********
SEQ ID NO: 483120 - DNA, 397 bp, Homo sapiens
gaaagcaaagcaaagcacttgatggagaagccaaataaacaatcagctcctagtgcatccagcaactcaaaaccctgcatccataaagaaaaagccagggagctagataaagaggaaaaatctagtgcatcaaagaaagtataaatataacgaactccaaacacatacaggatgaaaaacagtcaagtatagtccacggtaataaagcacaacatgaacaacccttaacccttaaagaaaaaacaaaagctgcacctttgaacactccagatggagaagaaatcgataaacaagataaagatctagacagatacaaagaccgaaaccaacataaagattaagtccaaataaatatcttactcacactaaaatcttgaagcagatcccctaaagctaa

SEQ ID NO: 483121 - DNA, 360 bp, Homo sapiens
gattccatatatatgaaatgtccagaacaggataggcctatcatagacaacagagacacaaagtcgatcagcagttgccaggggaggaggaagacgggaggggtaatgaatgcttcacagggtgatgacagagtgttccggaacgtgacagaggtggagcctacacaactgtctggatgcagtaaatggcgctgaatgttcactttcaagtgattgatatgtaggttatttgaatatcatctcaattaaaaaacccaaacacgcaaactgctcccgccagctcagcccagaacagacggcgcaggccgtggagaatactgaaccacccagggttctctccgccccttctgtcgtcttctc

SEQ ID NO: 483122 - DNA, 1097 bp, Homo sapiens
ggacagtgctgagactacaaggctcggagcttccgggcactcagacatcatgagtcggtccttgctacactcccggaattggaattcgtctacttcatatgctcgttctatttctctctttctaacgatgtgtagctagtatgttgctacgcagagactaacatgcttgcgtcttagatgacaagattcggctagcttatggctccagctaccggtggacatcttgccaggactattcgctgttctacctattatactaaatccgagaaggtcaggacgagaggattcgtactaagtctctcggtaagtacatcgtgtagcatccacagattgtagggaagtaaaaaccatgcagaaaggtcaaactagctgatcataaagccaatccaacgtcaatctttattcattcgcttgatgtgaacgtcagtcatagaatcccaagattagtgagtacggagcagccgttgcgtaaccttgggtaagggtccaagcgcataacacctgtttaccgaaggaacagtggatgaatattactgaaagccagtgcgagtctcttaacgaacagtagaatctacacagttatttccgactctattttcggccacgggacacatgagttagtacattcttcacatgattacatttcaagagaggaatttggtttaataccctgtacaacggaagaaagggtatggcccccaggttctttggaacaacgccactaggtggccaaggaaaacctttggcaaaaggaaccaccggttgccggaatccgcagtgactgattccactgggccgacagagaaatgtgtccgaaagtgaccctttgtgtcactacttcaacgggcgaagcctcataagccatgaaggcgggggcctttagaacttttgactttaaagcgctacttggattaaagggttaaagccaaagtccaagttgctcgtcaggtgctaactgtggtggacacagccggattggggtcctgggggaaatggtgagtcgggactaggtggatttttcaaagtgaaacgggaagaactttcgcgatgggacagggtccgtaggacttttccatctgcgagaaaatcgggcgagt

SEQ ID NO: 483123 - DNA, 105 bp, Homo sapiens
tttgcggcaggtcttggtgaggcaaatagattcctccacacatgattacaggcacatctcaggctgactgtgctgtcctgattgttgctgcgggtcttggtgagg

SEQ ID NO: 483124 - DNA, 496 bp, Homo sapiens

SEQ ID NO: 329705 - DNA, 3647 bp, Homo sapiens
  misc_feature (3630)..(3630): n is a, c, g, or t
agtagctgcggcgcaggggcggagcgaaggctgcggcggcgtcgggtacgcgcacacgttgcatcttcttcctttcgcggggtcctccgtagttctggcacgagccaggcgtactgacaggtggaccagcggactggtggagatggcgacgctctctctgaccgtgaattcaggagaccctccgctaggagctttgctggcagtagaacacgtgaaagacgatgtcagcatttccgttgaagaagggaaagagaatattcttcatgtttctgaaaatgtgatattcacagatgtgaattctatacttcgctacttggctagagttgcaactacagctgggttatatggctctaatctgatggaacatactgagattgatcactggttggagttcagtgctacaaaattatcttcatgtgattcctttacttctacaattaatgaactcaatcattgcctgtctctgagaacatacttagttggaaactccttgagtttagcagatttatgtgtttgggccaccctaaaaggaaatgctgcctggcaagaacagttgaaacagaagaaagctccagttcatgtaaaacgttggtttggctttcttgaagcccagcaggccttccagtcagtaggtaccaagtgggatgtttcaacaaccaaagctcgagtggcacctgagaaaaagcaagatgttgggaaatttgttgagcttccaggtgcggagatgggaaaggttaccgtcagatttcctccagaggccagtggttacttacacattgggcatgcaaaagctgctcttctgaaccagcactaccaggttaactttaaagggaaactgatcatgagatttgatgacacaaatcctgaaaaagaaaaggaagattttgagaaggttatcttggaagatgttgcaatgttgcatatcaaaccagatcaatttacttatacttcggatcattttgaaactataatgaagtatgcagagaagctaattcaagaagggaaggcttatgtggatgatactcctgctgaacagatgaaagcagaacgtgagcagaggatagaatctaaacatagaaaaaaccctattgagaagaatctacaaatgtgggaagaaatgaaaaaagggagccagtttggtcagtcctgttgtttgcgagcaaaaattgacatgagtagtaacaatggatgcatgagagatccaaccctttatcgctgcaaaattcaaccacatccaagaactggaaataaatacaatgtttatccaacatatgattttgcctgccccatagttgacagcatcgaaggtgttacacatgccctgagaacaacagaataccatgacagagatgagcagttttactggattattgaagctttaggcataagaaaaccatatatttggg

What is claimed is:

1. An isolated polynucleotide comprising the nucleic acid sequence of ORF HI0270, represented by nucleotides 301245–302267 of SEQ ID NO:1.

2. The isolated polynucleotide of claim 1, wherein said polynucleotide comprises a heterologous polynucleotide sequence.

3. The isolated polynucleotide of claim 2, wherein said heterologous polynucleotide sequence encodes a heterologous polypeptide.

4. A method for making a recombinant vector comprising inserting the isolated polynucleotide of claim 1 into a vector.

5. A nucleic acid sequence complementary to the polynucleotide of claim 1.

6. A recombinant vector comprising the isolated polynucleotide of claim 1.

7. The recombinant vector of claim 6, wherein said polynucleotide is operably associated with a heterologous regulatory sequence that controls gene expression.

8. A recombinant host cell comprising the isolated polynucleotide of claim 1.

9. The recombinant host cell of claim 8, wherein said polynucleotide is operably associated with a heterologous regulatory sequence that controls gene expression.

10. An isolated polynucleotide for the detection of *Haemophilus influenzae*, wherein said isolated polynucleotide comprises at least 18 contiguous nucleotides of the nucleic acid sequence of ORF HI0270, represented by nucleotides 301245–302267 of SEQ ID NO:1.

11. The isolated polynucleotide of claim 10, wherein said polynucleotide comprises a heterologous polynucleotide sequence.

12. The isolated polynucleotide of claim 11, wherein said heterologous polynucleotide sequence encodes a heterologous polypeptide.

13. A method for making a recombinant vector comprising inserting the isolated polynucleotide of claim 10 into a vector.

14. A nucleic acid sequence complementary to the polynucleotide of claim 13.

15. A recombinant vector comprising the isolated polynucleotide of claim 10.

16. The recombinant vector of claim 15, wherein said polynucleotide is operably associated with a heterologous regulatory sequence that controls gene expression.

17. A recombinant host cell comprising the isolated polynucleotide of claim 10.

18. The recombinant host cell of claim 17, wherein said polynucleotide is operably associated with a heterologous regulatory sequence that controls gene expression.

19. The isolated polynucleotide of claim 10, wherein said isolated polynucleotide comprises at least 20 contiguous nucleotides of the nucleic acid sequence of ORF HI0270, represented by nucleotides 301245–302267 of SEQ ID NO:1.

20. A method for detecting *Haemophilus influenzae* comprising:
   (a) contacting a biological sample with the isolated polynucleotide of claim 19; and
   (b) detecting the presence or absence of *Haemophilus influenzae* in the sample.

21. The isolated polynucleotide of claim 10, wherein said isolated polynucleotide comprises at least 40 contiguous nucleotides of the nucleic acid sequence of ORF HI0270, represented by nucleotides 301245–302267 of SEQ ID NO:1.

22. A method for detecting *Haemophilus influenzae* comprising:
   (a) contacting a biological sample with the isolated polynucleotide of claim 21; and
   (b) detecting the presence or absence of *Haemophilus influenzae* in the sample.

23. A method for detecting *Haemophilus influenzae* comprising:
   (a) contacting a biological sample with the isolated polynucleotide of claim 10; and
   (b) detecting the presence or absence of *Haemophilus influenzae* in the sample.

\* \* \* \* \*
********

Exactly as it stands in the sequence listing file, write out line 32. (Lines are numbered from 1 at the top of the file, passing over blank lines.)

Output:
19. The isolated polynucleotide of claim 10, wherein said isolated polynucleotide comprises at least 20 contiguous nucleotides of the nucleic acid sequence of ORF HI0270, represented by nucleotides 301245–302267 of SEQ ID NO:1.